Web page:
What Shakespeare brings to us, in this building, is his sharp perception about how humans in power negotiate that power — in his histories, that means that the climax leaves the stage riddled with corpses, and some vague glimmer of glory for those just murdered.
His King John ends this way. It is full of palace intrigue, and battles fought over the birthright of men, or the usurpers, or the bastard who ends the play alone, and weakly trying to infuse the glory of the crown. And within this play is a remarkable pair of women characters, mothers, who give the play its emotional core in a way unknown in other of Shakespeare’s plays.
The mother who has shaded me most this year, really since October of last year, is Constance. It is her son, Arthur, who by whatever math the royals use to determine who is next in line, is being held back from his right by his uncle, the feckless King John. John, whose mother is Eleanor of Aquitaine, is brother of Richard the Lion-Hearted and conspires to have Arthur murdered. Arthur’s assassin lets him live, uninjured, and lies to King John, telling him that he did indeed murder the boy. Arthur, in a wicked twist, falls to his death as he is trying to take advantage of his unexpected freedom. Everyone thinks that John, in fact, had him killed, even John.
When she hears that he has died, Constance is angry, angry that others would dismiss her emotion as weakness. The beauty, however quickly it dissipates, is the way her grief grows in front of you, blossoming as she speaks.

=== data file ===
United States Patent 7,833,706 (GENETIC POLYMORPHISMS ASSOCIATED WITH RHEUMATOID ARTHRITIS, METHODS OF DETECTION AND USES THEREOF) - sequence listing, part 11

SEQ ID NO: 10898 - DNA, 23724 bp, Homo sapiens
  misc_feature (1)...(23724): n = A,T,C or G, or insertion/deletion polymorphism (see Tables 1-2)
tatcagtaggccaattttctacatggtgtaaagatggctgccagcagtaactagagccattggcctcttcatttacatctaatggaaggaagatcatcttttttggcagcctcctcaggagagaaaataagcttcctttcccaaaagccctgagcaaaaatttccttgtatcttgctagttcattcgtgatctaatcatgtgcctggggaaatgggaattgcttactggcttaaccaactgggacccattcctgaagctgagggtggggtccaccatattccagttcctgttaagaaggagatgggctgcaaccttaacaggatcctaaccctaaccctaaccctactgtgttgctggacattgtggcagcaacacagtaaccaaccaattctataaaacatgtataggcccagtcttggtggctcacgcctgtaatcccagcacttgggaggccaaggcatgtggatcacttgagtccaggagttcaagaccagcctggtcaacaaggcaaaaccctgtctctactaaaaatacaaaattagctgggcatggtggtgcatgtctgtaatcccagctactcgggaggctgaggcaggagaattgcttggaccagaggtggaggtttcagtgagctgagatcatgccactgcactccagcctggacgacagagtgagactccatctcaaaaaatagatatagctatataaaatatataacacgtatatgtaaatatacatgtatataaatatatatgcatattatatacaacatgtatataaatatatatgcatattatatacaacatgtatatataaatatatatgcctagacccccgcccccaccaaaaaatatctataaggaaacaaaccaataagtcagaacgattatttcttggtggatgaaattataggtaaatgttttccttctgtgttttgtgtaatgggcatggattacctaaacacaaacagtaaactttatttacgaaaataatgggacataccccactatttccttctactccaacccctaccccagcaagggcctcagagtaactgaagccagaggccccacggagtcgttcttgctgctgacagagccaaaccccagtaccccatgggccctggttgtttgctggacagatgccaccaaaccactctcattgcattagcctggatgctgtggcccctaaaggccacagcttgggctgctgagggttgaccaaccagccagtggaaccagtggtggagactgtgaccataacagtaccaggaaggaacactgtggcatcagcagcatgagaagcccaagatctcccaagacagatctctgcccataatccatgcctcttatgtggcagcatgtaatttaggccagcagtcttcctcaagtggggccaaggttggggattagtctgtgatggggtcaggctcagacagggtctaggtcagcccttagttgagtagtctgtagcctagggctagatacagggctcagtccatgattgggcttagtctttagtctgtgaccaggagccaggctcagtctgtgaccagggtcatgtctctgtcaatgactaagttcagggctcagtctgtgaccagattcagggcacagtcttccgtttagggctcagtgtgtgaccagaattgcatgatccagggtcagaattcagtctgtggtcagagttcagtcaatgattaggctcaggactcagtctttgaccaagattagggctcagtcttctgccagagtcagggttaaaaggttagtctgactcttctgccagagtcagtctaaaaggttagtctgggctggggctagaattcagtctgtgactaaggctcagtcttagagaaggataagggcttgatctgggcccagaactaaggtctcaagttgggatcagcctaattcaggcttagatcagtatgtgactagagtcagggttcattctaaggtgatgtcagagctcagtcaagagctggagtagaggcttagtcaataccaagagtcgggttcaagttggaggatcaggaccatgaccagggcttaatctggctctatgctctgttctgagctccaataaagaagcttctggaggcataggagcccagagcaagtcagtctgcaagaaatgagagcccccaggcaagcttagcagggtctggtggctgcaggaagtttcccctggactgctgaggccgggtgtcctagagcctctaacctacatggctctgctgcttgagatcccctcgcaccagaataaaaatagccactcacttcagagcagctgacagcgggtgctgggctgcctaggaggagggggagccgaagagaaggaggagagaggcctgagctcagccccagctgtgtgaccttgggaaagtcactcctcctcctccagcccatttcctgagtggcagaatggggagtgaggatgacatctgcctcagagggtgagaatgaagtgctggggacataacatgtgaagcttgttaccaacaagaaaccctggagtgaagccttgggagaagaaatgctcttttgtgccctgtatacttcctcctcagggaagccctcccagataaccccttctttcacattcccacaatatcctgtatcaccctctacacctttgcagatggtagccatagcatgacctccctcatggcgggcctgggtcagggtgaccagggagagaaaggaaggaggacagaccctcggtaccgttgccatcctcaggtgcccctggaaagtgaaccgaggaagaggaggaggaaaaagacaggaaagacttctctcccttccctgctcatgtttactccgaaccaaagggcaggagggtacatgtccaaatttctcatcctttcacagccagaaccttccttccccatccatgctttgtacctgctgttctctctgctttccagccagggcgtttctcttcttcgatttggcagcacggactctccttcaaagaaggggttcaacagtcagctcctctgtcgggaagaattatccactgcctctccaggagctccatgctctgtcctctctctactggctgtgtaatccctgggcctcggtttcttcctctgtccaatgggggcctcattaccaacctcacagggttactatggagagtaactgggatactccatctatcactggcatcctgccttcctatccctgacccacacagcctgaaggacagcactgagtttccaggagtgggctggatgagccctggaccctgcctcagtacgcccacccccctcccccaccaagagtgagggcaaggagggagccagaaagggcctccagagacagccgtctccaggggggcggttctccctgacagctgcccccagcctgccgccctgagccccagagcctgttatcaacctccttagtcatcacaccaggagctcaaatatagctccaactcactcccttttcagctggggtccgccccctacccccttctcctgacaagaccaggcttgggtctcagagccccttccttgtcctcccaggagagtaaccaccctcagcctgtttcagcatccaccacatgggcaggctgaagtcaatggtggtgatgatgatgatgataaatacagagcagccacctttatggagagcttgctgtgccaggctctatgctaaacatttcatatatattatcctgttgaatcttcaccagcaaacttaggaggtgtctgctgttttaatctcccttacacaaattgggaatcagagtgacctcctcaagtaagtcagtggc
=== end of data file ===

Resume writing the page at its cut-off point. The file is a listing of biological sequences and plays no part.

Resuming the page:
It is this grief, and this depiction of grief, and the acknowledgment of grief, that I have carried with me this session, ever since a number of parents from the Mad River Valley and Waterbury were awakened by the call no parent ever wants to receive. From our perch as legislators, the representatives from Moretown and Warren and Waterbury witnessed this grief in our communities. All of us, when we work in this building, and when we hear testimony from mothers who are trying to save their children from homelessness, or addiction, or from the horrors of war, witness this grief. It is the kind of grief that can happen to anyone, and is so raw that it stays with us for years.
Here is how Constance describes it. She says:
Grief fills the room up of my absent child,
Lies in his bed, walks up and down with me,
Puts on his pretty looks, repeats his words,
Remembers me of all his gracious parts,
Stuffs out his vacant garments with his form;
Then, have I reason to be fond of grief?
Fare you well: had you such a loss as I,
I could give better comfort than you do.
(And then Constance removes her headpiece and says…)
I will not keep this form upon my head,
When there is such disorder in my wit.
O Lord! my boy, my Arthur, my fair son!
My life, my joy, my food, my all the world!
So what do I do with this sadness? The first thing I do is to remain grateful to the communities around the state who became Harwood Strong, who reached out to our kids and told them that they were not alone. And to the first responders, who dealt with the horror they came upon. And to the teachers and principals and educational personnel and therapists and comfort dogs who tried to help the students through their pain while they were trying to keep theirs in check. And to everyone who reached out to those families and did what they could to acknowledge and do whatever that little thing was to deal with their own pain of sudden loss.
And here, in the State House, I try to remember that the work we do is for people. No matter the cost, the concept, or the outcome, everything we do affects people. There is great responsibility with that, and if I were to offer a prayer, I would ask that we, as legislators, honor that, in these closing days, we work for the people first, the people always. They are our joy, our food, our world.